What is sledding?

Sledding in Australia

Photo: Leah & Ian Creative Photography

Sled dog racing originated in countries in the northern hemisphere where it snowed in winter. Sledding is a competitive sport which now occurs throughout most of the continents. The sport involves the timed competition of teams of sled dogs that pull a sled with the dog driver (musher) standing on the back of the sled. The team completing the marked course in the least time is judged the winner.

The majority of sledding events in Australia are conducted in bushland on dirt tracks with one- and two-dog teams pulling scooters. Larger teams pull a three-wheeled cart.

Racing season in Australia starts in May and finishes in August sometimes September depending on the temperature and humidity. Generally, the races are held at State Forest trail systems and also on personal properties. These are places where it is not too hot and access is allowed for dogs, cars and camping.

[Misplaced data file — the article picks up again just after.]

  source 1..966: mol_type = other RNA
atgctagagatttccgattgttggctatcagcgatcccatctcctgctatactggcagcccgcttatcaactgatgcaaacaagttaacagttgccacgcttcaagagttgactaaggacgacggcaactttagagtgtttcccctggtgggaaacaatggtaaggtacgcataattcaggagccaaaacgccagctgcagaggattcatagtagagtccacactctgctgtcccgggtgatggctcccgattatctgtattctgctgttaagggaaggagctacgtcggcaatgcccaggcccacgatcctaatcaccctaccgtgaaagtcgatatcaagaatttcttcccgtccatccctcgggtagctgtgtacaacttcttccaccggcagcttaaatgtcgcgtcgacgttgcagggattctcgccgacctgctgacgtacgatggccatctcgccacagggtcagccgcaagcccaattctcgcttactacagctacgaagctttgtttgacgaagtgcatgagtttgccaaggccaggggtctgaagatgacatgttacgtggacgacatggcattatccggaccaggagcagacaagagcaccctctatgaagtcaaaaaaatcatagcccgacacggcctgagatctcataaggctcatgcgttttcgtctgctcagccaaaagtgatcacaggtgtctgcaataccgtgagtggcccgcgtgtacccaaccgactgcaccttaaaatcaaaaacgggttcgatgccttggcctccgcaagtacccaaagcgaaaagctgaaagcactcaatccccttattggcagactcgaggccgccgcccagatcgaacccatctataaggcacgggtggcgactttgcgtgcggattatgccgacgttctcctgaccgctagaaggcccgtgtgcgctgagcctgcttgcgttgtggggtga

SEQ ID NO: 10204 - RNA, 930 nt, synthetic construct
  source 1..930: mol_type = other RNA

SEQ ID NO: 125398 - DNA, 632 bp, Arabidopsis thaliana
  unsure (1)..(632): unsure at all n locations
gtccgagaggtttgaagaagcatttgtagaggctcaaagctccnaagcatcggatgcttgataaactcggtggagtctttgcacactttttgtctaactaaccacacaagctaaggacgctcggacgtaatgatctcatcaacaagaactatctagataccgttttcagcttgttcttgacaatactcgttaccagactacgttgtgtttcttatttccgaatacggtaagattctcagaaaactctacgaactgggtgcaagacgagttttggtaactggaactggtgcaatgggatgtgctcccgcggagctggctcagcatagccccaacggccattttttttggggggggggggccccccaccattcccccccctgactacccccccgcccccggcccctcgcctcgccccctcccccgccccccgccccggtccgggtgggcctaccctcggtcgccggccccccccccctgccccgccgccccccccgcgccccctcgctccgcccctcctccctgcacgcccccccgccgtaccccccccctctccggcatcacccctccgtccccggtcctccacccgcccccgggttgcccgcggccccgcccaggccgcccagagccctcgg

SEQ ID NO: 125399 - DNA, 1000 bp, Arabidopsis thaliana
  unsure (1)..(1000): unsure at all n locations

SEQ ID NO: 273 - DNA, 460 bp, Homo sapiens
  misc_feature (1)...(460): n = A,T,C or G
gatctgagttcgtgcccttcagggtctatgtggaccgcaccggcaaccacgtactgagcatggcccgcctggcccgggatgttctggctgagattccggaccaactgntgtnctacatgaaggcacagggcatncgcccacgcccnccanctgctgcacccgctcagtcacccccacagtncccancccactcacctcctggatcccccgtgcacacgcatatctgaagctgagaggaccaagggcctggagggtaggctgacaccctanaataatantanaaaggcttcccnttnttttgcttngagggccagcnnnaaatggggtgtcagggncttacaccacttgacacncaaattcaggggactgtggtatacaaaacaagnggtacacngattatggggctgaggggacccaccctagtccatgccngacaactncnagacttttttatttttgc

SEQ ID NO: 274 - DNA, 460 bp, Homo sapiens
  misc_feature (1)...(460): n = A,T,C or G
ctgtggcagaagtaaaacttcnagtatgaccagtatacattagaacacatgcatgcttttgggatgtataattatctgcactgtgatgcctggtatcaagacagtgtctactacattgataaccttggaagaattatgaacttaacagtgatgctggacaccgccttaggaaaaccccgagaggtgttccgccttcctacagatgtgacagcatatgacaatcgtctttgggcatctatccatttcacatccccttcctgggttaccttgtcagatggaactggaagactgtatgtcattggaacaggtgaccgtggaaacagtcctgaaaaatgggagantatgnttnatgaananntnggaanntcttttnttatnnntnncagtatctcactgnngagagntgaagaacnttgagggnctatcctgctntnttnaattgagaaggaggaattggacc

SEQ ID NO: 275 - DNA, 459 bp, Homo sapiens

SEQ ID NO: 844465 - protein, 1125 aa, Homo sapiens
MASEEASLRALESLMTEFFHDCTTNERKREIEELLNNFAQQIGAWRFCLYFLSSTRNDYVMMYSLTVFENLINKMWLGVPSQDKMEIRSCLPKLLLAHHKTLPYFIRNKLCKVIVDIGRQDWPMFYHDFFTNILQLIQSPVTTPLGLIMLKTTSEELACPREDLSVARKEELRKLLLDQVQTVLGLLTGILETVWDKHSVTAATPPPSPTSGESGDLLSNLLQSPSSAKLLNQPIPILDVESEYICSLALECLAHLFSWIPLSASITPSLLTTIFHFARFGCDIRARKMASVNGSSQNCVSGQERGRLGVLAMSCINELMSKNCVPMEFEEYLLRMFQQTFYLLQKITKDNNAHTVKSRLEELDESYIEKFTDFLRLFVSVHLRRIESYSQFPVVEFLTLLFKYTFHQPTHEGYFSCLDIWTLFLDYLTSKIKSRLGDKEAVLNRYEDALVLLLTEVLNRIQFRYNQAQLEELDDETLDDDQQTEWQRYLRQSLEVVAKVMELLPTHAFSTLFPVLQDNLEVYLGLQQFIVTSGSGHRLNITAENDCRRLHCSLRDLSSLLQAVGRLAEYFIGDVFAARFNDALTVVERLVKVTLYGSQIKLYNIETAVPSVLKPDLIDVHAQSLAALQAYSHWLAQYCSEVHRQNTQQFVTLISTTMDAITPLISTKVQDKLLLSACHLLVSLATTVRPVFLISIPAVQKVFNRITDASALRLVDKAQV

At the present time, there are races in NSW, VIC, ACT, QLD, SA, and WA and in the future hopefully in TAS.

For more information about sledding in Australia visit the Australian Sleddog Sports Association (ASSA).

What Australian National Kennel Council (ANKC) titles can be attained?

Eligible dogs competing in Sled Race events shall be able to compete for the following titles:

Working Team Dog
Working Team Dog Excellence
Working Lead Dog
Working Lead Dog Excellence

Is my dog suitable for sledding?

Sledding in Australia

Photo: Leah & Ian Creative Photography

This sport would suit northern hemisphere dog breeds such as Siberian Huskies, Alaskan Malamutes and Samoyeds. However, the Australian Sleddogs Sports Association Inc allows any dog that is able to pull and run to participate.

Age restriction: The minimum age of competing dogs shall be 12 months. This age must be attained no later than the day before the race.

Where can I do sledding?

Contact the ASSA or ANKC‘s State member bodies:

Dogs ACT

Dogs West

Dogs Queensland

Dogs NT

Dogs NSW

Dogs SA

Dogs Tasmania

Dogs Victoria